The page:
Trans woman seeks to create change in Kentucky politics

Ramona Thomas , Check out the campaign website, here!

My intent to run was started early last year, when I was about a year and a half into my transition. Prior to coming out, and early on in my transition, I had almost no self-confidence, crippling dysphoria can do that to you. My whole life had been spent creating this shell around the real me, even if I didn’t know it. Even now I struggle to overcome the effects of 30 years of repression and denial.

When I first started running, my focus was always on economic and labor issues, education, and healthcare. I’m a Democratic Socialist, and a big part of that for me is realizing how much social issues, while still very important, are used by both Democrats and Republicans to distract people from the underlying economic struggles that directly benefit many politicians and their donors. Legalize gay marriage and people won’t bring as much attention to the fact that the minimum wage hasn’t increased since 2007 while corporate profits are through the roof. Of course, the main reason it took so long for gay marriage to be legalized is that LGBT issues are used as a wedge issue for Republicans to get into office, when it’s clear that all they want is to slash social programs to pay for unnecessary tax cuts that will hurt their voters as much as it hurts the “others”.

I work two jobs, three if you count the campaign. My wife and I have struggled to get by, we still struggle sometimes. Most people in my district know the struggle, which is where we find our common ground. It unites us, far more than me being trans divides us.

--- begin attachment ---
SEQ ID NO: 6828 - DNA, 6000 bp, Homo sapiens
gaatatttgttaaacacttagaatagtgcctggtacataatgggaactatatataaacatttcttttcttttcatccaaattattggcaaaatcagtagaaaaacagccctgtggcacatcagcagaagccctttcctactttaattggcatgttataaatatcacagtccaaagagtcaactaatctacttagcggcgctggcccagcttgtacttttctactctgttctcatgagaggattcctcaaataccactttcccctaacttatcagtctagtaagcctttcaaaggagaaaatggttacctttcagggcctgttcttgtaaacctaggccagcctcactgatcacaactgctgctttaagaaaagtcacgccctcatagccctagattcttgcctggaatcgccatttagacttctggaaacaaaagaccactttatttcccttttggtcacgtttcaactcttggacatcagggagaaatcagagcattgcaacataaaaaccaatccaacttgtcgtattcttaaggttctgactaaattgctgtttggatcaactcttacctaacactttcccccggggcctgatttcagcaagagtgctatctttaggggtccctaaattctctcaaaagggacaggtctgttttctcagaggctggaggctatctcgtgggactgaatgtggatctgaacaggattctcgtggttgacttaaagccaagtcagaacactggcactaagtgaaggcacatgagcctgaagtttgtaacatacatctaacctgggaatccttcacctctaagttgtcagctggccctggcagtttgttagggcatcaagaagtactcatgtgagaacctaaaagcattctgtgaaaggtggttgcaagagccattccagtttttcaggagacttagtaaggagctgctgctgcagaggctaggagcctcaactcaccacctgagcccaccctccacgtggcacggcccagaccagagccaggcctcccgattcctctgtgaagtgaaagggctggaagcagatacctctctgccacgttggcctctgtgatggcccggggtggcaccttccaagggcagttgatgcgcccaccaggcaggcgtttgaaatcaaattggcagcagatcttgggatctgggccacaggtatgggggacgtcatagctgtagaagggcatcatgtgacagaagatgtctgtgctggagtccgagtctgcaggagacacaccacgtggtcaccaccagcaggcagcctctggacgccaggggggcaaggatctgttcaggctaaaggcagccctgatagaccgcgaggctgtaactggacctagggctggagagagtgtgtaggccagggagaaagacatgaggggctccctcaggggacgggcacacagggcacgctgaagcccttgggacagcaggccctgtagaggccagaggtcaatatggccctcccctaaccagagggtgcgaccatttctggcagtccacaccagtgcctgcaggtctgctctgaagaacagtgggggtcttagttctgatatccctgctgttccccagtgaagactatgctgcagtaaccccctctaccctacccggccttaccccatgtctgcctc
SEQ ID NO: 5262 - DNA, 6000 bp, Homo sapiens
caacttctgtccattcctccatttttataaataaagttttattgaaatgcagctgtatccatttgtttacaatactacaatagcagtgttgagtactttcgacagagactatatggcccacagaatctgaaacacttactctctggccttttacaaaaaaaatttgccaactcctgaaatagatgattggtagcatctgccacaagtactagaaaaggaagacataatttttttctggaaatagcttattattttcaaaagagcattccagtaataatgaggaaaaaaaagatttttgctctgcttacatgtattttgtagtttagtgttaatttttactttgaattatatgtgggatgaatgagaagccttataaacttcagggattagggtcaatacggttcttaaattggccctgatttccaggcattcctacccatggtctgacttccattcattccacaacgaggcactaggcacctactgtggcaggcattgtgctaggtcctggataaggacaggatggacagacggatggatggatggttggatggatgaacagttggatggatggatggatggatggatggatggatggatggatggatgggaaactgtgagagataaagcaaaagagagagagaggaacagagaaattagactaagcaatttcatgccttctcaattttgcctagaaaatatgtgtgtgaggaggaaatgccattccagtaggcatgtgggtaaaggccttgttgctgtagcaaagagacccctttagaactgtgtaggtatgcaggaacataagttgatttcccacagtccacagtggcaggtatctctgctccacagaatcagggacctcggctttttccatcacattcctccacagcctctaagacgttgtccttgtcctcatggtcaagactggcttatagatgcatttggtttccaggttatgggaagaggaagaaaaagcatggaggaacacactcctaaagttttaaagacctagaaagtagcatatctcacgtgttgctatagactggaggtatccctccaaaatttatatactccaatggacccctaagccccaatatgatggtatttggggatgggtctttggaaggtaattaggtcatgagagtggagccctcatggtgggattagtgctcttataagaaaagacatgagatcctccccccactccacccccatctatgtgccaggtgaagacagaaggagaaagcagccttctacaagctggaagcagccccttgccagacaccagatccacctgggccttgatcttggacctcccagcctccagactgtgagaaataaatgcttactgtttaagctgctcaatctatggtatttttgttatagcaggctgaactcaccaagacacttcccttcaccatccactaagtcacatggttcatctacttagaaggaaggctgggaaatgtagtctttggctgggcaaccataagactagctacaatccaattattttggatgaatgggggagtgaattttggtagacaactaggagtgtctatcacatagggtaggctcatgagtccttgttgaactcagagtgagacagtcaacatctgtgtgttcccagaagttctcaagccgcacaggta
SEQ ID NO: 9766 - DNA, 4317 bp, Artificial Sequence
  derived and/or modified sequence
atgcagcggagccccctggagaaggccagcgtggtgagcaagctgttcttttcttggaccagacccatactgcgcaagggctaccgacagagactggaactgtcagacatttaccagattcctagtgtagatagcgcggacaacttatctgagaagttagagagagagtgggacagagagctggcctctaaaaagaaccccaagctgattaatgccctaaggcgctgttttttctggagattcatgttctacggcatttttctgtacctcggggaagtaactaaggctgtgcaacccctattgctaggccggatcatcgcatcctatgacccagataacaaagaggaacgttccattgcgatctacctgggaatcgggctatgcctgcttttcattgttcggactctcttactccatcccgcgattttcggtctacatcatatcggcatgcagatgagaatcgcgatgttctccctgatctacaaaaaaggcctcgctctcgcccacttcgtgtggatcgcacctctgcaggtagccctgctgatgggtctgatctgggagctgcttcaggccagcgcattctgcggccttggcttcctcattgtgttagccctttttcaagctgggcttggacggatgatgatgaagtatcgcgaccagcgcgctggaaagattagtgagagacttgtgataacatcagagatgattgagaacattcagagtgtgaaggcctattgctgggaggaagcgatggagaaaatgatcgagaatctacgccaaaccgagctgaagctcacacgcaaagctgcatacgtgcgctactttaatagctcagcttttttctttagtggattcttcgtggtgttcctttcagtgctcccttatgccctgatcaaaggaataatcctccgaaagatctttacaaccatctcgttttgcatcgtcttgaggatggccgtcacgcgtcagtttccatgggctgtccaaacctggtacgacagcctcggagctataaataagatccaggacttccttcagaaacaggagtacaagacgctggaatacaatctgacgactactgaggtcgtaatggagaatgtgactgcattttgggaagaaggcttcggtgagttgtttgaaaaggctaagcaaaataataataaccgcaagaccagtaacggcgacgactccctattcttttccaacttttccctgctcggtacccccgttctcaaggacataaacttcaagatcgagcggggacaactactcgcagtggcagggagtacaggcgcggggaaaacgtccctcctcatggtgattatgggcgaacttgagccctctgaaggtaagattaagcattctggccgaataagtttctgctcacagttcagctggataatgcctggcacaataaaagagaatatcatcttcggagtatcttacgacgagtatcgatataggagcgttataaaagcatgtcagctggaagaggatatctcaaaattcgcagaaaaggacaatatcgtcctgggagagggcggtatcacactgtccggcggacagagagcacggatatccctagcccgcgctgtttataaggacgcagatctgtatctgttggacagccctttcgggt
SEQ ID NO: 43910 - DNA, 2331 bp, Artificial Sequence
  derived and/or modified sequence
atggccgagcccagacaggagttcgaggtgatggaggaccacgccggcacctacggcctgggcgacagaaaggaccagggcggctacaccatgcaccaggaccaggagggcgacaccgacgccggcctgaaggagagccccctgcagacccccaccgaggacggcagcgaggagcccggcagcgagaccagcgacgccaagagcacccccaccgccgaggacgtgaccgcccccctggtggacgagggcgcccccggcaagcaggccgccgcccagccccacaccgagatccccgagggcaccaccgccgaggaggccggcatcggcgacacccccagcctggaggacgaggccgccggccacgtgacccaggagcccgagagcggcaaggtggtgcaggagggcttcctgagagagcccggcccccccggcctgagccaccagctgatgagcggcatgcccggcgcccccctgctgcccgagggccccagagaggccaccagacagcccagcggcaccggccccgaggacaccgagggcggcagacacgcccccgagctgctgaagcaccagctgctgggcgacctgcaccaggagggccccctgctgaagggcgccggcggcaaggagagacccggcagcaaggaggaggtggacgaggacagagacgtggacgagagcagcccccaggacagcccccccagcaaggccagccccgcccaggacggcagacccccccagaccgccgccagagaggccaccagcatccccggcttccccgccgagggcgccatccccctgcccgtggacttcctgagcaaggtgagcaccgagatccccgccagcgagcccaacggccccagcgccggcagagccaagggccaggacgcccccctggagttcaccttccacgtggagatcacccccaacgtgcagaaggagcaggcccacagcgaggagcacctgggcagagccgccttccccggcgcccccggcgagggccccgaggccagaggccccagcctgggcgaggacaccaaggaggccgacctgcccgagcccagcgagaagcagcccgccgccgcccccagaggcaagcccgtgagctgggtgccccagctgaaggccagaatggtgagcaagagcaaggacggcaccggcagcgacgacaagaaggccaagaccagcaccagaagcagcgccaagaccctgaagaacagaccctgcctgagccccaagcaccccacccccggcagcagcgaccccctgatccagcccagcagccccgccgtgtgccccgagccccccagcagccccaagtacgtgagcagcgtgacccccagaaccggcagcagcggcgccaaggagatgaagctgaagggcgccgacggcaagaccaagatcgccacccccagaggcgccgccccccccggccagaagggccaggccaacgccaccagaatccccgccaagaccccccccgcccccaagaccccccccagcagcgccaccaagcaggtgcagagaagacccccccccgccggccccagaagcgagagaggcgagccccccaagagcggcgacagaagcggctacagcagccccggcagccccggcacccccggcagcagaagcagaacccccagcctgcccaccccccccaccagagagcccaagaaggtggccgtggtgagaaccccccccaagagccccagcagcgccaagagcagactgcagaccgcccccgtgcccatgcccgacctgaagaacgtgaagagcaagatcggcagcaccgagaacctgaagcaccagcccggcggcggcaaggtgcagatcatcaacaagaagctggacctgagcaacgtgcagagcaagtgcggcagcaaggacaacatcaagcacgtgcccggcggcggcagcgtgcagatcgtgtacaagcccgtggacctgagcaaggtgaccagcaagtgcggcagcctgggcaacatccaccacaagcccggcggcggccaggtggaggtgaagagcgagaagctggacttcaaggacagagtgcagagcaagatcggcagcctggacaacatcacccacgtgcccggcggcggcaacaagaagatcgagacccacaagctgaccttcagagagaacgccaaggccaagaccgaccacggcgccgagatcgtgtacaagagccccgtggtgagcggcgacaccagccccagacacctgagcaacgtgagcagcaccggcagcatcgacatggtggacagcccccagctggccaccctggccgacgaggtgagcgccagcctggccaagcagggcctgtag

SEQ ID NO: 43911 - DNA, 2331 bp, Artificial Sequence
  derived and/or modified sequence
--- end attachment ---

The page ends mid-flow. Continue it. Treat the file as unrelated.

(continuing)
That’s my biggest takeaway, and the biggest message I focus on when talking about LGBT issues. Me being trans is the least interesting thing about me, I’m just like any other young woman running for office. The fact that I stand a chance at making history in Kentucky is a side effect of the fact that we need radical new minds in politics, and a sign that being queer in 2020 is a bigger deal than it should be. Our sexuality and gender shouldn’t hold us back, but too often it does, because we’ve been othered. We’re distinct without difference.

  1. What do you identify as? Why? Or why don’t you identify as anything?
    Trans woman, lesbian. It took me more than 30 years to come to terms with my own gender identity, and a big part of that was that I was told for a long time that you couldn’t be a trans girl and also like girls. That’s kinda just how things were treated back in the day. It took a shift in the dialogue in the community, and the way trans people are treated by healthcare providers, for me to realize I might be welcome.
  2. What does the word Queer mean to you?
    It’s a multifaceted word. When I was younger, it was a slur. Now, it’s a widely embraced community identity. It’s something that’s taken me some time to wrap my head around, but I get it completely.
  3. Where are you from and explain what it was like growing up/living in Kentucky?
    I’ve lived in the same part of town my entire life, the south end of Louisville. Growing up wasn’t too bad, although I had pretty severe dysphoria without having any idea of what it was or that it had a name, which took its toll on me. My mother was involved in a lot of volunteer activities, and I spent a lot of my childhood helping her with different projects. I had a pretty privileged childhood and adolescence, lots of friends growing up, but I always felt like an outsider, even with people I truly cared about, and who truly cared about me.